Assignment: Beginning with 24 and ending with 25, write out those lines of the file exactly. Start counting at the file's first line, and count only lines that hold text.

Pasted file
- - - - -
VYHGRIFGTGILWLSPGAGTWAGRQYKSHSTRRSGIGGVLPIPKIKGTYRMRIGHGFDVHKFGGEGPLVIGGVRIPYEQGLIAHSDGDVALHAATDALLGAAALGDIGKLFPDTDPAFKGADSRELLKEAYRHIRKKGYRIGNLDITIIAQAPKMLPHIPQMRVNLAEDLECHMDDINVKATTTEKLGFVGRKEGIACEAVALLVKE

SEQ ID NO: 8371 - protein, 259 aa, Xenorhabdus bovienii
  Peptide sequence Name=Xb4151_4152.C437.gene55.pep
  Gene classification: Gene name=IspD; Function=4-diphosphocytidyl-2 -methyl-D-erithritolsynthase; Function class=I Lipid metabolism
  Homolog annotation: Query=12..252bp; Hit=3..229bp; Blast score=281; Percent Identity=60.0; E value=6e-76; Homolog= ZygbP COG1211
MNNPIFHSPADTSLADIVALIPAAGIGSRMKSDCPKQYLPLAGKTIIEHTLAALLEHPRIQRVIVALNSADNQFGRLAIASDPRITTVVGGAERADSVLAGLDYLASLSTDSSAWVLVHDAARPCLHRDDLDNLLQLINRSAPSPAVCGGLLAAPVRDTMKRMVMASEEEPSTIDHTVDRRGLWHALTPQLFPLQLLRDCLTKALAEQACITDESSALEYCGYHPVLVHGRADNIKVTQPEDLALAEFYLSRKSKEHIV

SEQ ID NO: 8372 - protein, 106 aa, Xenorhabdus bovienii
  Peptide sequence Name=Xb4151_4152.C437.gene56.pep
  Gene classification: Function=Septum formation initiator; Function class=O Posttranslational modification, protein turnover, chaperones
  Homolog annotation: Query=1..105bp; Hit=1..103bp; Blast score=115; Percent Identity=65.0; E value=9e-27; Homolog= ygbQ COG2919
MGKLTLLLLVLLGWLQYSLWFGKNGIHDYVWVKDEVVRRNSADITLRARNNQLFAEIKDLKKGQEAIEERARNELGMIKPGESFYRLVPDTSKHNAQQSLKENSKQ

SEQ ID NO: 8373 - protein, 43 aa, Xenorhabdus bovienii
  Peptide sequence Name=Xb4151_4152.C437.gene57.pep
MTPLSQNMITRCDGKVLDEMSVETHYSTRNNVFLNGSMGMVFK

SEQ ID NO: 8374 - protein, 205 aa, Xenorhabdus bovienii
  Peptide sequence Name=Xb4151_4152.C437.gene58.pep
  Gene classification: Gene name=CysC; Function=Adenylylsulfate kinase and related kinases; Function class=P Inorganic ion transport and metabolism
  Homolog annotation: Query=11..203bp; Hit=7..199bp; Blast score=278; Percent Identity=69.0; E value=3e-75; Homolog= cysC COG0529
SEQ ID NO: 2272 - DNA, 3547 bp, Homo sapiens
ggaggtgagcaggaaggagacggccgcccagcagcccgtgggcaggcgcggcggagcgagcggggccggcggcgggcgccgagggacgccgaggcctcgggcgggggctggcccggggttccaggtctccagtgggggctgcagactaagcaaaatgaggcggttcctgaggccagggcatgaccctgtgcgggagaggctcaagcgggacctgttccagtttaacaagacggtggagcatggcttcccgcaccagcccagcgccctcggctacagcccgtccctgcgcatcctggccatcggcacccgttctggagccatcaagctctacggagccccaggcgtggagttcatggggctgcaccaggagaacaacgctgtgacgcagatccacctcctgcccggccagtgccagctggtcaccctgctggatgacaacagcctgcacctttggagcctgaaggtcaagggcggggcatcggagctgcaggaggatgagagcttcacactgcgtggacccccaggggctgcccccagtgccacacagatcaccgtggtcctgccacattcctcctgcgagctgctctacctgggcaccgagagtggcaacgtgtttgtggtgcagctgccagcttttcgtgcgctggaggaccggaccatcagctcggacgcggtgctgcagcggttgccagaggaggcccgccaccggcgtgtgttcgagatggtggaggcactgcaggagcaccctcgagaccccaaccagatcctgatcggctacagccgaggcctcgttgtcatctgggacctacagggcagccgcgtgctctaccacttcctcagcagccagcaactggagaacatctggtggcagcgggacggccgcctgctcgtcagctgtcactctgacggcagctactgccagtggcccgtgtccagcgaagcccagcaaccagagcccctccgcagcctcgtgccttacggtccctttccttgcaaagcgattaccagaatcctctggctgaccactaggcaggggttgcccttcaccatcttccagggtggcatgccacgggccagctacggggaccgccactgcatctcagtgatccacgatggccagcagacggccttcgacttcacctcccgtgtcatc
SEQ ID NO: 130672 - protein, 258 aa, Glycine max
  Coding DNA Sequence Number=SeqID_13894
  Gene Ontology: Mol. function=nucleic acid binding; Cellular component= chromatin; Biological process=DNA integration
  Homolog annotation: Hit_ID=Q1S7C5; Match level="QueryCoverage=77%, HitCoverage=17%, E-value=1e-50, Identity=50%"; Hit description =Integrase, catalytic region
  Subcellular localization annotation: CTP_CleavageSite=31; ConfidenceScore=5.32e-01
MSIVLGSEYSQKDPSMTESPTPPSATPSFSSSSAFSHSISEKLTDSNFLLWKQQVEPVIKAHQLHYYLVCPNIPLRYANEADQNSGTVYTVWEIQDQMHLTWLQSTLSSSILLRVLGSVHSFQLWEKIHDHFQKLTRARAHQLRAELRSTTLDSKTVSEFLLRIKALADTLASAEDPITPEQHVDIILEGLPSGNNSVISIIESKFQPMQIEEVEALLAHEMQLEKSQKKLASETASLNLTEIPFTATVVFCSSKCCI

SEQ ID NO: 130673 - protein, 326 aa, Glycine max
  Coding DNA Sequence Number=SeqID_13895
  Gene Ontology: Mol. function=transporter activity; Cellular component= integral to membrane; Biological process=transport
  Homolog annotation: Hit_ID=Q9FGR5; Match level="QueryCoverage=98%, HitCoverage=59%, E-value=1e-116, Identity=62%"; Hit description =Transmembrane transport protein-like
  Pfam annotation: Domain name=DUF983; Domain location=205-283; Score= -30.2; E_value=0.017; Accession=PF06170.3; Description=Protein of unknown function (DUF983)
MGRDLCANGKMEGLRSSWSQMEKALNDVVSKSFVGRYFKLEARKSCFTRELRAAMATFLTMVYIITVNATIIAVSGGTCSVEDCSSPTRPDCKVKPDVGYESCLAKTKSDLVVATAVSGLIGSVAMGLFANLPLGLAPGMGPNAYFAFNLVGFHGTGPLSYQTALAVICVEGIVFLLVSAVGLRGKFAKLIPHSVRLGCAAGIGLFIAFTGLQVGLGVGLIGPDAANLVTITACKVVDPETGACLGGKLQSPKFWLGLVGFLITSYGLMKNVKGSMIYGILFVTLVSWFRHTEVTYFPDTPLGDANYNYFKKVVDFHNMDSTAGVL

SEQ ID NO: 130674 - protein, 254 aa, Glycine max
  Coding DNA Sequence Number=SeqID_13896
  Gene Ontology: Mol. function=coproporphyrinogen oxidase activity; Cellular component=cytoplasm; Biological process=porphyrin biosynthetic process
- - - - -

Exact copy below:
  Homolog annotation: Hit_ID=Q1S7C5; Match level="QueryCoverage=77%, HitCoverage=17%, E-value=1e-50, Identity=50%"; Hit description =Integrase, catalytic region
  Subcellular localization annotation: CTP_CleavageSite=31; ConfidenceScore=5.32e-01